The above principle was first presented by the California Supreme Court in Kerr’s Catering case. There, the employer promised a commission of 15 percent to its sales people on all sales in excess of a certain minimum, where the employees sold food items from its lunch trucks. At the same time, the employer deducted cash shortages resulting from the failure to properly charge for the sold items as it routinely happens at jobs that involve many smaller transactions per day. The court held that those deductions were improper, observing that “some cash shortages, breakage and loss of equipment are inevitable in almost any business operation” and should be borne as a “business expense,” rather than deducted from a promised commission. This holding was applied to managerial employees in Quillian v. Lion Oil Company (1979). There, the court found that commissions similarly calculated on sales volumes and reduced by cash and merchandise shortages improperly placed the “burden of losses” on the managers and thus violated California Labor Code section 221 and other law, even though the managers had executed written contracts agreeing to this method of salary calculation.
More recently, in the Hudgins case, the court addressed an employer policy that promised salespersons commissions based on completed sales, but deducted on a pro rata basis returned merchandise that could not be traced to a particular sale or salesperson. The court found the policy “calls for deduction from earned commission wages of all sales associates a sum of money representing what would otherwise be business losses,” The court explained that this was improper under Labor Code section 221.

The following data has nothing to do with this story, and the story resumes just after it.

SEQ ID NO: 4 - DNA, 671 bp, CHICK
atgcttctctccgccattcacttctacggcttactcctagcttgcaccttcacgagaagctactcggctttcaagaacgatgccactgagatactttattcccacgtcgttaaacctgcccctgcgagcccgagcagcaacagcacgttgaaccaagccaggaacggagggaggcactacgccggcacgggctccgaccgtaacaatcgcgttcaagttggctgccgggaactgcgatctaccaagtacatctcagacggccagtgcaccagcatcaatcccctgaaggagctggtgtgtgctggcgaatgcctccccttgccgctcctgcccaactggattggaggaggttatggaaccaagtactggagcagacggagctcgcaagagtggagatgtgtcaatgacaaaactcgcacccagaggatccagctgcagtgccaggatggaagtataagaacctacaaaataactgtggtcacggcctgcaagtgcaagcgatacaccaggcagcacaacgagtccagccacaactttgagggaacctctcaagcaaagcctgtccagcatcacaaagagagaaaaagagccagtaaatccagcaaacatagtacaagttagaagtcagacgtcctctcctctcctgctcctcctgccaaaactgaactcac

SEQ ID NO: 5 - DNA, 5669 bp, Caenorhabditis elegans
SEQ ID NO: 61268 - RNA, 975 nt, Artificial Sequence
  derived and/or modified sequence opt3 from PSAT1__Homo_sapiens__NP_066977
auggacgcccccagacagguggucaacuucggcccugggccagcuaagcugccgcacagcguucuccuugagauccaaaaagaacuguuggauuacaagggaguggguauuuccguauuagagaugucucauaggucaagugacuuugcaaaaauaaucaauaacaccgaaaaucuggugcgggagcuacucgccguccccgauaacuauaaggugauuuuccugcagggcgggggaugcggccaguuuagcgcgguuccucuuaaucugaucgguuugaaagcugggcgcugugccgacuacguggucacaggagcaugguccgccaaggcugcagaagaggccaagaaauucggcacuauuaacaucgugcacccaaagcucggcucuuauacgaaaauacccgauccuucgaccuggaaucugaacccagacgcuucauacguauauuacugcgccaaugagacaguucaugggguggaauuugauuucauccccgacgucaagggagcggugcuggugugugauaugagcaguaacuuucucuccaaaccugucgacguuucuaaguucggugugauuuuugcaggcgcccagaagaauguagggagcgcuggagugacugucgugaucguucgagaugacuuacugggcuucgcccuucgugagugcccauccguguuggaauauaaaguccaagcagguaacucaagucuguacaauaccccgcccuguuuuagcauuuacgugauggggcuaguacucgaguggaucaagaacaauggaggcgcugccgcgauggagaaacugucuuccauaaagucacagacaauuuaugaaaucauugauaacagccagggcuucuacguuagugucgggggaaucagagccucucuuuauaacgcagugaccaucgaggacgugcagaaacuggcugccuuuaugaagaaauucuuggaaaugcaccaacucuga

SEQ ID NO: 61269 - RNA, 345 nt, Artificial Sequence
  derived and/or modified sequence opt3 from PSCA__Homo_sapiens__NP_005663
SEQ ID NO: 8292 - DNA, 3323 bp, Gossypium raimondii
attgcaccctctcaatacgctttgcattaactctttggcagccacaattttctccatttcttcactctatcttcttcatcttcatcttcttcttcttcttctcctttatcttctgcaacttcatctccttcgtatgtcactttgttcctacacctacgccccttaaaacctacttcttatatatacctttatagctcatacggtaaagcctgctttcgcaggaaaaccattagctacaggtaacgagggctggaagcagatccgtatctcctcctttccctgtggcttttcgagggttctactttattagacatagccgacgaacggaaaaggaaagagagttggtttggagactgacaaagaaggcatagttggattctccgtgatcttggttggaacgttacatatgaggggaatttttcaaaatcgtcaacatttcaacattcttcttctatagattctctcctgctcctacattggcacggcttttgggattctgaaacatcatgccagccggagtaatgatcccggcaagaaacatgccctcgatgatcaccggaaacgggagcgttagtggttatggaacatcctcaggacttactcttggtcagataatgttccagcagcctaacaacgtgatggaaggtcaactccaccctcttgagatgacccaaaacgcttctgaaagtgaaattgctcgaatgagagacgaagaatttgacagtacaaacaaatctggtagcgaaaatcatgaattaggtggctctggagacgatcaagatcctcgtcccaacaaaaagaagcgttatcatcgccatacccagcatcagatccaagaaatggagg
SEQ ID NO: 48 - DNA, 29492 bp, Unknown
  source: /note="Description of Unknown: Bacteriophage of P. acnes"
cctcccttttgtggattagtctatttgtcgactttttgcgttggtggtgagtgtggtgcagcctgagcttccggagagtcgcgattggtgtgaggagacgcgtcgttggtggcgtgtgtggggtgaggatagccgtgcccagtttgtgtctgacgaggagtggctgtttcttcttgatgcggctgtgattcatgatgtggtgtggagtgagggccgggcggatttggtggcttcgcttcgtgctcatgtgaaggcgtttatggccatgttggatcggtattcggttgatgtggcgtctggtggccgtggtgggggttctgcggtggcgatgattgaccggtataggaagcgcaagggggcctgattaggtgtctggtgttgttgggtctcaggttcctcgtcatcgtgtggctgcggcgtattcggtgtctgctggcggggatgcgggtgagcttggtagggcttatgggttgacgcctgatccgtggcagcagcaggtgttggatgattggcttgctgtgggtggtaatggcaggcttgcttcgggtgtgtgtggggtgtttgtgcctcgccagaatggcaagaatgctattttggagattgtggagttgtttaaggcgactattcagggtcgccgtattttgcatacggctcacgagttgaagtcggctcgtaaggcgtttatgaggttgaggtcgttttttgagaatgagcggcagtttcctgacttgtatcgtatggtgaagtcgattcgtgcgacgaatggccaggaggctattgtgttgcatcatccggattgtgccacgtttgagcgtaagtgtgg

As the Hudgins court noted, the Legislature has recognized the employee’s dependence on wages for the necessities of life and has, consequently, disapproved of unanticipated or unpredictable deductions . . . .” The court further stated that by enacting Labor Code section 221, and retaining it as interpreted by the courts and [the Industrial Welfare Commission], the Legislature has prohibited employers from using self-help to take back any part of ‘wages theretofore paid’ to the employee, except in very narrowly defined circumstances provided by law. In cases such as Kerr’s Catering, Quillian and Hudgins, the courts’ findings were based on the impressibility of transferring to the employee, by way of wage deductions, the financial burden of business expenses and accidental losses that otherwise would be borne by the employer.